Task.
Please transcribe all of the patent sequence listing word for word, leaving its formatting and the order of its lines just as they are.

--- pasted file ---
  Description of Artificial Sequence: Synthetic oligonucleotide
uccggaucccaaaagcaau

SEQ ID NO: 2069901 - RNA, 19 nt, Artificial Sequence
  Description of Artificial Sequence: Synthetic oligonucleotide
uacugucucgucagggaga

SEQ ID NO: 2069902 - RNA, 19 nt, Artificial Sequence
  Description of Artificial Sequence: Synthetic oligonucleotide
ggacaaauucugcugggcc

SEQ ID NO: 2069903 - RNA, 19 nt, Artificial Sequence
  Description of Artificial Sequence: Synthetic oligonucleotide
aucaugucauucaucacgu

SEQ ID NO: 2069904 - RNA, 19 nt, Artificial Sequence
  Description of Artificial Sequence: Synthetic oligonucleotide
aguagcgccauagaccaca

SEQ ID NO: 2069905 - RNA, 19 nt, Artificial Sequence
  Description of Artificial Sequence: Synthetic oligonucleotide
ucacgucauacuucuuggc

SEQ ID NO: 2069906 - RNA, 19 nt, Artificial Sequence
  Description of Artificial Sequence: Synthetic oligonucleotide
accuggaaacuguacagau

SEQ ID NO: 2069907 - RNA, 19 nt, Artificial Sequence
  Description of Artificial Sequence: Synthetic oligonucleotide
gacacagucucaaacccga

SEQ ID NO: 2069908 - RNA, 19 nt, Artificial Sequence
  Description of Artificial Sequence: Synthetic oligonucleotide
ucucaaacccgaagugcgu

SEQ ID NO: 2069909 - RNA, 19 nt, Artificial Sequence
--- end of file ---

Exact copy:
  Description of Artificial Sequence: Synthetic oligonucleotide
uccggaucccaaaagcaau

SEQ ID NO: 2069901 - RNA, 19 nt, Artificial Sequence
  Description of Artificial Sequence: Synthetic oligonucleotide
uacugucucgucagggaga

SEQ ID NO: 2069902 - RNA, 19 nt, Artificial Sequence
  Description of Artificial Sequence: Synthetic oligonucleotide
ggacaaauucugcugggcc

SEQ ID NO: 2069903 - RNA, 19 nt, Artificial Sequence
  Description of Artificial Sequence: Synthetic oligonucleotide
aucaugucauucaucacgu

SEQ ID NO: 2069904 - RNA, 19 nt, Artificial Sequence
  Description of Artificial Sequence: Synthetic oligonucleotide
aguagcgccauagaccaca

SEQ ID NO: 2069905 - RNA, 19 nt, Artificial Sequence
  Description of Artificial Sequence: Synthetic oligonucleotide
ucacgucauacuucuuggc

SEQ ID NO: 2069906 - RNA, 19 nt, Artificial Sequence
  Description of Artificial Sequence: Synthetic oligonucleotide
accuggaaacuguacagau

SEQ ID NO: 2069907 - RNA, 19 nt, Artificial Sequence
  Description of Artificial Sequence: Synthetic oligonucleotide
gacacagucucaaacccga

SEQ ID NO: 2069908 - RNA, 19 nt, Artificial Sequence
  Description of Artificial Sequence: Synthetic oligonucleotide
ucucaaacccgaagugcgu

SEQ ID NO: 2069909 - RNA, 19 nt, Artificial Sequence